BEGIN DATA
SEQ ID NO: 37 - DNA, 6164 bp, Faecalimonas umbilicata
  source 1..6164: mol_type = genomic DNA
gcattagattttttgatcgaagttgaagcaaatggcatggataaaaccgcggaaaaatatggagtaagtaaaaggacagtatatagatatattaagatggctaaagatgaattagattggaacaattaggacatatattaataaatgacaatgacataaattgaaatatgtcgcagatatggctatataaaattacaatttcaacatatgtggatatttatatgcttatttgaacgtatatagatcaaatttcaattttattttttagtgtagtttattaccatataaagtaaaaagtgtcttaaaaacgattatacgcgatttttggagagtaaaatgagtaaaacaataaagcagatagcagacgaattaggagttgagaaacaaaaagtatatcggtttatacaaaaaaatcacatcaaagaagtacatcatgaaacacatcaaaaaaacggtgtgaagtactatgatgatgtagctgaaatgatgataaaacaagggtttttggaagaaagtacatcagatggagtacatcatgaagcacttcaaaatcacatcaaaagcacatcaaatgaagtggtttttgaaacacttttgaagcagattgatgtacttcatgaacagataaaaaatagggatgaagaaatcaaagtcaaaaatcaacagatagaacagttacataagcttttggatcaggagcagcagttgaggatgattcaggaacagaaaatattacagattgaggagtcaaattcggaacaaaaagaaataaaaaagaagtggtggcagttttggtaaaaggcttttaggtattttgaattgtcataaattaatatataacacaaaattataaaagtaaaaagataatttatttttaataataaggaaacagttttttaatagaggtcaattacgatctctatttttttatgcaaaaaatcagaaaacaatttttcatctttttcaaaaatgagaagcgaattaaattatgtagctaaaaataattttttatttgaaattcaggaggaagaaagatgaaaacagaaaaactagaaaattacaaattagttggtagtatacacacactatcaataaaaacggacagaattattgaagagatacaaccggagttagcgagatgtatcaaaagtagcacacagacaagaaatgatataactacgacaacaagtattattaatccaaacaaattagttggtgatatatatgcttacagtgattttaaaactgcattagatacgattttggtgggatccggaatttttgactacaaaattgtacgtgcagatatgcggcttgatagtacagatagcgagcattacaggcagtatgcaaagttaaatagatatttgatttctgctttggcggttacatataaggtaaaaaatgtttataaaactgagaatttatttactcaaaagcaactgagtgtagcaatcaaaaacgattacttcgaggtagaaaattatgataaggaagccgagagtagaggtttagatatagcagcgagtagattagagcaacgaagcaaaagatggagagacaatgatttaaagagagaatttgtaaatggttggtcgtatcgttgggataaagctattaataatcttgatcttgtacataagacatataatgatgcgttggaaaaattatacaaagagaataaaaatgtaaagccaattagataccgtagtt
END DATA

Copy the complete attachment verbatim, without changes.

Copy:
SEQ ID NO: 37 - DNA, 6164 bp, Faecalimonas umbilicata
  source 1..6164: mol_type = genomic DNA
gcattagattttttgatcgaagttgaagcaaatggcatggataaaaccgcggaaaaatatggagtaagtaaaaggacagtatatagatatattaagatggctaaagatgaattagattggaacaattaggacatatattaataaatgacaatgacataaattgaaatatgtcgcagatatggctatataaaattacaatttcaacatatgtggatatttatatgcttatttgaacgtatatagatcaaatttcaattttattttttagtgtagtttattaccatataaagtaaaaagtgtcttaaaaacgattatacgcgatttttggagagtaaaatgagtaaaacaataaagcagatagcagacgaattaggagttgagaaacaaaaagtatatcggtttatacaaaaaaatcacatcaaagaagtacatcatgaaacacatcaaaaaaacggtgtgaagtactatgatgatgtagctgaaatgatgataaaacaagggtttttggaagaaagtacatcagatggagtacatcatgaagcacttcaaaatcacatcaaaagcacatcaaatgaagtggtttttgaaacacttttgaagcagattgatgtacttcatgaacagataaaaaatagggatgaagaaatcaaagtcaaaaatcaacagatagaacagttacataagcttttggatcaggagcagcagttgaggatgattcaggaacagaaaatattacagattgaggagtcaaattcggaacaaaaagaaataaaaaagaagtggtggcagttttggtaaaaggcttttaggtattttgaattgtcataaattaatatataacacaaaattataaaagtaaaaagataatttatttttaataataaggaaacagttttttaatagaggtcaattacgatctctatttttttatgcaaaaaatcagaaaacaatttttcatctttttcaaaaatgagaagcgaattaaattatgtagctaaaaataattttttatttgaaattcaggaggaagaaagatgaaaacagaaaaactagaaaattacaaattagttggtagtatacacacactatcaataaaaacggacagaattattgaagagatacaaccggagttagcgagatgtatcaaaagtagcacacagacaagaaatgatataactacgacaacaagtattattaatccaaacaaattagttggtgatatatatgcttacagtgattttaaaactgcattagatacgattttggtgggatccggaatttttgactacaaaattgtacgtgcagatatgcggcttgatagtacagatagcgagcattacaggcagtatgcaaagttaaatagatatttgatttctgctttggcggttacatataaggtaaaaaatgtttataaaactgagaatttatttactcaaaagcaactgagtgtagcaatcaaaaacgattacttcgaggtagaaaattatgataaggaagccgagagtagaggtttagatatagcagcgagtagattagagcaacgaagcaaaagatggagagacaatgatttaaagagagaatttgtaaatggttggtcgtatcgttgggataaagctattaataatcttgatcttgtacataagacatataatgatgcgttggaaaaattatacaaagagaataaaaatgtaaagccaattagataccgtagtt